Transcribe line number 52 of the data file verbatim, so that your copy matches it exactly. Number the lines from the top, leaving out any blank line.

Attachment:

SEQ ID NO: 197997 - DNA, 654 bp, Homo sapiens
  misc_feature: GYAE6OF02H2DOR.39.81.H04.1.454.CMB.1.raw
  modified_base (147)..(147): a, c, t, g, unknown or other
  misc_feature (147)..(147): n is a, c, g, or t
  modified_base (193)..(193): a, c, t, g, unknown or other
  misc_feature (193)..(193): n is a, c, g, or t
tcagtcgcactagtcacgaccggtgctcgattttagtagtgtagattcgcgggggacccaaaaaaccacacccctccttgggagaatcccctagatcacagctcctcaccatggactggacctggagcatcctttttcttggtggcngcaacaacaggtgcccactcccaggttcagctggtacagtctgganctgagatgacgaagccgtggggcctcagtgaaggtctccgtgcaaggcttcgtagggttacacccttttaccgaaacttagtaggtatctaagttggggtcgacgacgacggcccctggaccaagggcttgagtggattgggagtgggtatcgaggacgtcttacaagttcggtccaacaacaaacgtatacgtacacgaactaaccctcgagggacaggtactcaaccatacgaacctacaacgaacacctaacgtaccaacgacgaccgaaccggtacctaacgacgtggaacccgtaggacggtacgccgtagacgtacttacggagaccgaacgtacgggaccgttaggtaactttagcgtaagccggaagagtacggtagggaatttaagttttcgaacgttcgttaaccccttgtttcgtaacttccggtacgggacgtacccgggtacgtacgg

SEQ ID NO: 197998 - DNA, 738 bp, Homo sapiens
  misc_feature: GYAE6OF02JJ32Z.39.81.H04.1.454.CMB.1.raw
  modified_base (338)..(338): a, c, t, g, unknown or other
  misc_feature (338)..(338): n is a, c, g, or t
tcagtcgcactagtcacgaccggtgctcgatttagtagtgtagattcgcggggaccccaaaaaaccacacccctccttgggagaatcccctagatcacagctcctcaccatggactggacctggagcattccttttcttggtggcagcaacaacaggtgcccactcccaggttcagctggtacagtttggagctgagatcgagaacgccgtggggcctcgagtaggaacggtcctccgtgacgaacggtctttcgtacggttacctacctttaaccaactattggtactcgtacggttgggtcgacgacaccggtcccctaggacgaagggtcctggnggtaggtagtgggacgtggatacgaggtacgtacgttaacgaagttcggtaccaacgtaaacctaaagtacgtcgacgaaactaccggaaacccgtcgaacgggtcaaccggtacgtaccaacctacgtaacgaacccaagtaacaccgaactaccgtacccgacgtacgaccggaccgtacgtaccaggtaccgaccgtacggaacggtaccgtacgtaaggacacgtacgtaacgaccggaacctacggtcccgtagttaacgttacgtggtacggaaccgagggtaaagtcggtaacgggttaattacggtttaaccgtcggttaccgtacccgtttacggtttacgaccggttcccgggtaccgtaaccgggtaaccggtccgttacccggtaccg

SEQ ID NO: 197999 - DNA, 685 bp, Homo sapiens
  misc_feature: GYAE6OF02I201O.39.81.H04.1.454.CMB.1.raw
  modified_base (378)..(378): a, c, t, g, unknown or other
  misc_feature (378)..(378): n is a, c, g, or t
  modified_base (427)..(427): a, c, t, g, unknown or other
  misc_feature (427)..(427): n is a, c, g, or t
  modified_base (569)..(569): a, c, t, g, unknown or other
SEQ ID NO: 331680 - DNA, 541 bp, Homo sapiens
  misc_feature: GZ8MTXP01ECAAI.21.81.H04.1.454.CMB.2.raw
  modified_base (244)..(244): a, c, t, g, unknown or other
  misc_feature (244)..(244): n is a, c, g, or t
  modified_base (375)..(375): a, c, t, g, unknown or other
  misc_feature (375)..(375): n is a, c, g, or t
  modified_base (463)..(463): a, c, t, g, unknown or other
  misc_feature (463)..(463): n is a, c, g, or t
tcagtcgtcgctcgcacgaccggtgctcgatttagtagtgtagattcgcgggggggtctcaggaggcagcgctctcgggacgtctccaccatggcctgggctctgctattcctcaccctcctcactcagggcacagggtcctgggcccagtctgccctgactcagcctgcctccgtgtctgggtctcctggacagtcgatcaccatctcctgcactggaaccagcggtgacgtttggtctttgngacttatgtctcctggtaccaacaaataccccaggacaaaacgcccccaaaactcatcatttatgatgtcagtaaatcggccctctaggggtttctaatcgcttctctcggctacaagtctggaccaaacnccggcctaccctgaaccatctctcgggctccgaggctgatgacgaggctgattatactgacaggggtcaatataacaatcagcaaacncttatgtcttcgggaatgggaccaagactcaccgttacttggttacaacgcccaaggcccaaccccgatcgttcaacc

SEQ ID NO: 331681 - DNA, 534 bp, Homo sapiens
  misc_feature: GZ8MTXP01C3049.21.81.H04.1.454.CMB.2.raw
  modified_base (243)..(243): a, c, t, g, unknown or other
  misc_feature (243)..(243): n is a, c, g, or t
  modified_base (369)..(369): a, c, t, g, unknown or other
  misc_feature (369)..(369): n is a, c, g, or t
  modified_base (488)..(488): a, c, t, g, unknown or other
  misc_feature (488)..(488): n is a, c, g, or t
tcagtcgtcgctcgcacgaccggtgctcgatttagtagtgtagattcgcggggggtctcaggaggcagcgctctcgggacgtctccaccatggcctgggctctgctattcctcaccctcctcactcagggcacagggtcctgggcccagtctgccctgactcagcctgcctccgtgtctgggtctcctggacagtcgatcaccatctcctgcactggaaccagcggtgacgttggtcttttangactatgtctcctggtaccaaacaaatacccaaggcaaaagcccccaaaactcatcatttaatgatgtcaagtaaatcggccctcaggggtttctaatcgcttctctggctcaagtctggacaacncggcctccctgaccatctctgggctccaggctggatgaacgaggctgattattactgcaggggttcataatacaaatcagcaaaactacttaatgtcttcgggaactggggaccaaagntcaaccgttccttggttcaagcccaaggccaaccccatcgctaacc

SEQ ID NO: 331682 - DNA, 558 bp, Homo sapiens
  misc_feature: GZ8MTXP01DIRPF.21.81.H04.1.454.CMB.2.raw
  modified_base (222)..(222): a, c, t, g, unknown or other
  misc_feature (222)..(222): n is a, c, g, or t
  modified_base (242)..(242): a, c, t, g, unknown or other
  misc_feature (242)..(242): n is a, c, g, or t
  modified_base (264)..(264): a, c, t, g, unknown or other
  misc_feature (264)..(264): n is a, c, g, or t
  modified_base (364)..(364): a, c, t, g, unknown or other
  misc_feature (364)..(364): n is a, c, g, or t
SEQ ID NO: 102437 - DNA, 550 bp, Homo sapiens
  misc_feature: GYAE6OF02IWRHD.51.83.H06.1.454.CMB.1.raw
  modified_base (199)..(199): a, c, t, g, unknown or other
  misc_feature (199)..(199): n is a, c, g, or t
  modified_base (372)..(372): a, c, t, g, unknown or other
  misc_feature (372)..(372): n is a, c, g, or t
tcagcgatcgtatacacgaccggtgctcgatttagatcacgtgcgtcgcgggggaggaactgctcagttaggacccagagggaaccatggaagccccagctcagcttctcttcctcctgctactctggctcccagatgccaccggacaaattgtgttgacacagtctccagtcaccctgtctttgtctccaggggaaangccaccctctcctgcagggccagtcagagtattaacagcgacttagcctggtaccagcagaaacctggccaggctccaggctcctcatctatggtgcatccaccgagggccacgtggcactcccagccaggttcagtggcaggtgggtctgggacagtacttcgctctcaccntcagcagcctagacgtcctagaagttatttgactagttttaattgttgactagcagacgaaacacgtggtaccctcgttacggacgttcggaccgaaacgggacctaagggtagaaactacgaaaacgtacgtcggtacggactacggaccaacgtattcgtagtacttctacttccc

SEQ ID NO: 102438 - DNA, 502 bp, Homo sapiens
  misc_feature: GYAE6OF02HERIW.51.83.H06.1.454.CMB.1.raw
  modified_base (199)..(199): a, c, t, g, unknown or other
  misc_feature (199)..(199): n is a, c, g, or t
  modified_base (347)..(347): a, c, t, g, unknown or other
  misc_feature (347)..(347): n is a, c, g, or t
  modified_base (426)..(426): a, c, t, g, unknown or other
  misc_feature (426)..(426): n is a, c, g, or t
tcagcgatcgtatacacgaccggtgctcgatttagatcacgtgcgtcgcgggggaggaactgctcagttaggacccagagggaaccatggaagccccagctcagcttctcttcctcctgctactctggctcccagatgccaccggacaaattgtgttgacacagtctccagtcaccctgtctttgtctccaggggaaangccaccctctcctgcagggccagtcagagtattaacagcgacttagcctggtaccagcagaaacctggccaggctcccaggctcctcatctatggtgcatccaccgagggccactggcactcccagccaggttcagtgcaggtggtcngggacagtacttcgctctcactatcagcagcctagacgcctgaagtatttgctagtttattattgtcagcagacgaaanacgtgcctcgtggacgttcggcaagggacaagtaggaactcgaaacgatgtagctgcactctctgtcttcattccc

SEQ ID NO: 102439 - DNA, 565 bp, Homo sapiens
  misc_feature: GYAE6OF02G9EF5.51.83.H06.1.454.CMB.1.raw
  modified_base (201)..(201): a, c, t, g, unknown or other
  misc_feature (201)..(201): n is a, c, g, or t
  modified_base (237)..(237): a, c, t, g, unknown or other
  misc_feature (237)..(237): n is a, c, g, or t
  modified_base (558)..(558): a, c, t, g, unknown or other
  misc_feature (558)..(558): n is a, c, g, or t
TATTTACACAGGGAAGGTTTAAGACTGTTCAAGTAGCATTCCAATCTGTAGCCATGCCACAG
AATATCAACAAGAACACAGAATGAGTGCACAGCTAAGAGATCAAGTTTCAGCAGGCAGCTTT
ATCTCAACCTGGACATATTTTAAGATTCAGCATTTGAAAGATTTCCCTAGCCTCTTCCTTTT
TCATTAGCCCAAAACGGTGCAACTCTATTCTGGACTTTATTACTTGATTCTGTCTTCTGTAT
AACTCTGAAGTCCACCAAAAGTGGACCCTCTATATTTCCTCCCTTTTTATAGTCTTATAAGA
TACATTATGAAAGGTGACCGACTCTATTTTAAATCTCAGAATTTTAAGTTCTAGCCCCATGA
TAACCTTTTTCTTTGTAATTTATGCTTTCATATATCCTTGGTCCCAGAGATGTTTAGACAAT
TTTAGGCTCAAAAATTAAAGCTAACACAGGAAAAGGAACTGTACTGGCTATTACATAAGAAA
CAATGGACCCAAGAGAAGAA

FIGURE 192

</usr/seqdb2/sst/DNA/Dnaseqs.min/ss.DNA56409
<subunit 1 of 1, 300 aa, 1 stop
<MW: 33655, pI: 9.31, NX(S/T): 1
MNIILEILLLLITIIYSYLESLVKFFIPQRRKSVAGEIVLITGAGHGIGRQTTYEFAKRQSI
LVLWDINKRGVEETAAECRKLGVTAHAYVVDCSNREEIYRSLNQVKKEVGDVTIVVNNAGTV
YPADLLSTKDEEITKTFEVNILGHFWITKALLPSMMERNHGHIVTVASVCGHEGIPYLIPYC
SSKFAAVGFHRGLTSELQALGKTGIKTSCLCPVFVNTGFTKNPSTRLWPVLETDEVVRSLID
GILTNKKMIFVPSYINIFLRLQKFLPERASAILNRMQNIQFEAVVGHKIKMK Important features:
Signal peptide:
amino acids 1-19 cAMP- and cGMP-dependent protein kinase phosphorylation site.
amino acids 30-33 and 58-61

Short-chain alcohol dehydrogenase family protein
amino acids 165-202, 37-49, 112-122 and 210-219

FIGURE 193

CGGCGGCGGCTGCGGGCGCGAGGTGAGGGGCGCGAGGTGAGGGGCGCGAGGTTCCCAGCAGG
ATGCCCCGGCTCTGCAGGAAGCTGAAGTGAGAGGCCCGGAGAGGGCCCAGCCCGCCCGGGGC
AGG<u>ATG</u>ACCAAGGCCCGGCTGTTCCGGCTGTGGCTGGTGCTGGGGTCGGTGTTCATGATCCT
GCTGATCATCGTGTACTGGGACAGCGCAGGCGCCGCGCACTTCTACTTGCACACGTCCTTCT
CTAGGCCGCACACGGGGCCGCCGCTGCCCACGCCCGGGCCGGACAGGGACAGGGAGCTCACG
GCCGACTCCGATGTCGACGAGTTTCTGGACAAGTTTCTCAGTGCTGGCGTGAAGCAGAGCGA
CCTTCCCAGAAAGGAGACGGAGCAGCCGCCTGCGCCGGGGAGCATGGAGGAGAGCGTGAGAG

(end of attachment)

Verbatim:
  modified_base (372)..(372): a, c, t, g, unknown or other